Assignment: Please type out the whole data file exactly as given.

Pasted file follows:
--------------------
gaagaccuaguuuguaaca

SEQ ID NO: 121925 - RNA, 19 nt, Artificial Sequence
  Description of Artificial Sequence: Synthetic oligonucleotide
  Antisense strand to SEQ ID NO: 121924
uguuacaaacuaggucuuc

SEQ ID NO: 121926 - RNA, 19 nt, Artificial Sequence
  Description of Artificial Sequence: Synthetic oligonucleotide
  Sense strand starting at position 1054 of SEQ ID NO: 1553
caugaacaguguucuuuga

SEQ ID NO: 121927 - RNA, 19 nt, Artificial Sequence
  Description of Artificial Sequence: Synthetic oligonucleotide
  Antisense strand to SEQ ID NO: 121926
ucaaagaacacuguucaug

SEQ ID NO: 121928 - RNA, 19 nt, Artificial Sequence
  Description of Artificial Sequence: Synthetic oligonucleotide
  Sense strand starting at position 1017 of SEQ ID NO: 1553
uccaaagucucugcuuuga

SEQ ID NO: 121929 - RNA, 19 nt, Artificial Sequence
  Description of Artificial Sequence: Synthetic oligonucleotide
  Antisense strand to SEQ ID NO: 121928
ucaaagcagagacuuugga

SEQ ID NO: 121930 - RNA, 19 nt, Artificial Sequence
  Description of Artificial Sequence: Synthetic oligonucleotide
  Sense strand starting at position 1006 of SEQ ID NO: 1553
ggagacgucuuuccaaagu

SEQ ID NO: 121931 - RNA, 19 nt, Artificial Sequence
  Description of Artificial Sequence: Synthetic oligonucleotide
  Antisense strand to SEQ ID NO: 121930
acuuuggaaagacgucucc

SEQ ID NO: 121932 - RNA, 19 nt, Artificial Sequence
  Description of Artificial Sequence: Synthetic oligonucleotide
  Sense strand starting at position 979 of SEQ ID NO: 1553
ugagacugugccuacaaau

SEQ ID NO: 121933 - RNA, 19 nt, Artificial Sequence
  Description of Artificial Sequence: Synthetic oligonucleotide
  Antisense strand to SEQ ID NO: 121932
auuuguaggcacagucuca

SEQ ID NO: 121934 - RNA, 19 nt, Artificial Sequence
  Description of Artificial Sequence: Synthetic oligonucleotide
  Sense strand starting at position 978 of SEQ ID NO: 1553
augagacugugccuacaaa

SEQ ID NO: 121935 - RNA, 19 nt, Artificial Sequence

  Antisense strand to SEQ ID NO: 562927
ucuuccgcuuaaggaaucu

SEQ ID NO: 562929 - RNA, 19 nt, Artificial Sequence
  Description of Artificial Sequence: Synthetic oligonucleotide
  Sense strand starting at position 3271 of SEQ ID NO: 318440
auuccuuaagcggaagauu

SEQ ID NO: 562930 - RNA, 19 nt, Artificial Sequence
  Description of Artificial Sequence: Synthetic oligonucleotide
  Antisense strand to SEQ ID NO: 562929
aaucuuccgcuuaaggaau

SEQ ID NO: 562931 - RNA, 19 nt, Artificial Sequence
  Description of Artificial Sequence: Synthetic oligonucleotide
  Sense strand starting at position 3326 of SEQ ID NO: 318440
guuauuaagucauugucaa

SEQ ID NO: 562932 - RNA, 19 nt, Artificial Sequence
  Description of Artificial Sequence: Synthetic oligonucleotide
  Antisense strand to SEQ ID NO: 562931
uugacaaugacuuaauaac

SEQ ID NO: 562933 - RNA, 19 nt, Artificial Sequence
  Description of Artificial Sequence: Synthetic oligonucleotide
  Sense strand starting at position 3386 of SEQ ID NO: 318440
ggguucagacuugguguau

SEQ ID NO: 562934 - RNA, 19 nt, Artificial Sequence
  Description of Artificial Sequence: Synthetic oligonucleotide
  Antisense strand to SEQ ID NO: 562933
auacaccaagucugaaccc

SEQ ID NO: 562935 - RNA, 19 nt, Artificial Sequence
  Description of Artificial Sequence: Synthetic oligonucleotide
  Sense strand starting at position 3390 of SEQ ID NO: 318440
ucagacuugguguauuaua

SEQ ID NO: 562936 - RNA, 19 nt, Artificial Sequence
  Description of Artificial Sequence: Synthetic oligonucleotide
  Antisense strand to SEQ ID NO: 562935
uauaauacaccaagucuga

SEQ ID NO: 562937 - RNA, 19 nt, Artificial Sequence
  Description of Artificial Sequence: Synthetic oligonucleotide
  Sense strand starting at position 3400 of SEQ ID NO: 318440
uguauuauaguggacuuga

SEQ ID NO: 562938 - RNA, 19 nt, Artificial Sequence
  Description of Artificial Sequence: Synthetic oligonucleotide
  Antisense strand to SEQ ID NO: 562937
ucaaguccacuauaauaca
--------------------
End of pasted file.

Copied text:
gaagaccuaguuuguaaca

SEQ ID NO: 121925 - RNA, 19 nt, Artificial Sequence
  Description of Artificial Sequence: Synthetic oligonucleotide
  Antisense strand to SEQ ID NO: 121924
uguuacaaacuaggucuuc

SEQ ID NO: 121926 - RNA, 19 nt, Artificial Sequence
  Description of Artificial Sequence: Synthetic oligonucleotide
  Sense strand starting at position 1054 of SEQ ID NO: 1553
caugaacaguguucuuuga

SEQ ID NO: 121927 - RNA, 19 nt, Artificial Sequence
  Description of Artificial Sequence: Synthetic oligonucleotide
  Antisense strand to SEQ ID NO: 121926
ucaaagaacacuguucaug

SEQ ID NO: 121928 - RNA, 19 nt, Artificial Sequence
  Description of Artificial Sequence: Synthetic oligonucleotide
  Sense strand starting at position 1017 of SEQ ID NO: 1553
uccaaagucucugcuuuga

SEQ ID NO: 121929 - RNA, 19 nt, Artificial Sequence
  Description of Artificial Sequence: Synthetic oligonucleotide
  Antisense strand to SEQ ID NO: 121928
ucaaagcagagacuuugga

SEQ ID NO: 121930 - RNA, 19 nt, Artificial Sequence
  Description of Artificial Sequence: Synthetic oligonucleotide
  Sense strand starting at position 1006 of SEQ ID NO: 1553
ggagacgucuuuccaaagu

SEQ ID NO: 121931 - RNA, 19 nt, Artificial Sequence
  Description of Artificial Sequence: Synthetic oligonucleotide
  Antisense strand to SEQ ID NO: 121930
acuuuggaaagacgucucc

SEQ ID NO: 121932 - RNA, 19 nt, Artificial Sequence
  Description of Artificial Sequence: Synthetic oligonucleotide
  Sense strand starting at position 979 of SEQ ID NO: 1553
ugagacugugccuacaaau

SEQ ID NO: 121933 - RNA, 19 nt, Artificial Sequence
  Description of Artificial Sequence: Synthetic oligonucleotide
  Antisense strand to SEQ ID NO: 121932
auuuguaggcacagucuca

SEQ ID NO: 121934 - RNA, 19 nt, Artificial Sequence
  Description of Artificial Sequence: Synthetic oligonucleotide
  Sense strand starting at position 978 of SEQ ID NO: 1553
augagacugugccuacaaa

SEQ ID NO: 121935 - RNA, 19 nt, Artificial Sequence

  Antisense strand to SEQ ID NO: 562927
ucuuccgcuuaaggaaucu

SEQ ID NO: 562929 - RNA, 19 nt, Artificial Sequence
  Description of Artificial Sequence: Synthetic oligonucleotide
  Sense strand starting at position 3271 of SEQ ID NO: 318440
auuccuuaagcggaagauu

SEQ ID NO: 562930 - RNA, 19 nt, Artificial Sequence
  Description of Artificial Sequence: Synthetic oligonucleotide
  Antisense strand to SEQ ID NO: 562929
aaucuuccgcuuaaggaau

SEQ ID NO: 562931 - RNA, 19 nt, Artificial Sequence
  Description of Artificial Sequence: Synthetic oligonucleotide
  Sense strand starting at position 3326 of SEQ ID NO: 318440
guuauuaagucauugucaa

SEQ ID NO: 562932 - RNA, 19 nt, Artificial Sequence
  Description of Artificial Sequence: Synthetic oligonucleotide
  Antisense strand to SEQ ID NO: 562931
uugacaaugacuuaauaac

SEQ ID NO: 562933 - RNA, 19 nt, Artificial Sequence
  Description of Artificial Sequence: Synthetic oligonucleotide
  Sense strand starting at position 3386 of SEQ ID NO: 318440
ggguucagacuugguguau

SEQ ID NO: 562934 - RNA, 19 nt, Artificial Sequence
  Description of Artificial Sequence: Synthetic oligonucleotide
  Antisense strand to SEQ ID NO: 562933
auacaccaagucugaaccc

SEQ ID NO: 562935 - RNA, 19 nt, Artificial Sequence
  Description of Artificial Sequence: Synthetic oligonucleotide
  Sense strand starting at position 3390 of SEQ ID NO: 318440
ucagacuugguguauuaua

SEQ ID NO: 562936 - RNA, 19 nt, Artificial Sequence
  Description of Artificial Sequence: Synthetic oligonucleotide
  Antisense strand to SEQ ID NO: 562935
uauaauacaccaagucuga

SEQ ID NO: 562937 - RNA, 19 nt, Artificial Sequence
  Description of Artificial Sequence: Synthetic oligonucleotide
  Sense strand starting at position 3400 of SEQ ID NO: 318440
uguauuauaguggacuuga

SEQ ID NO: 562938 - RNA, 19 nt, Artificial Sequence
  Description of Artificial Sequence: Synthetic oligonucleotide
  Antisense strand to SEQ ID NO: 562937
ucaaguccacuauaauaca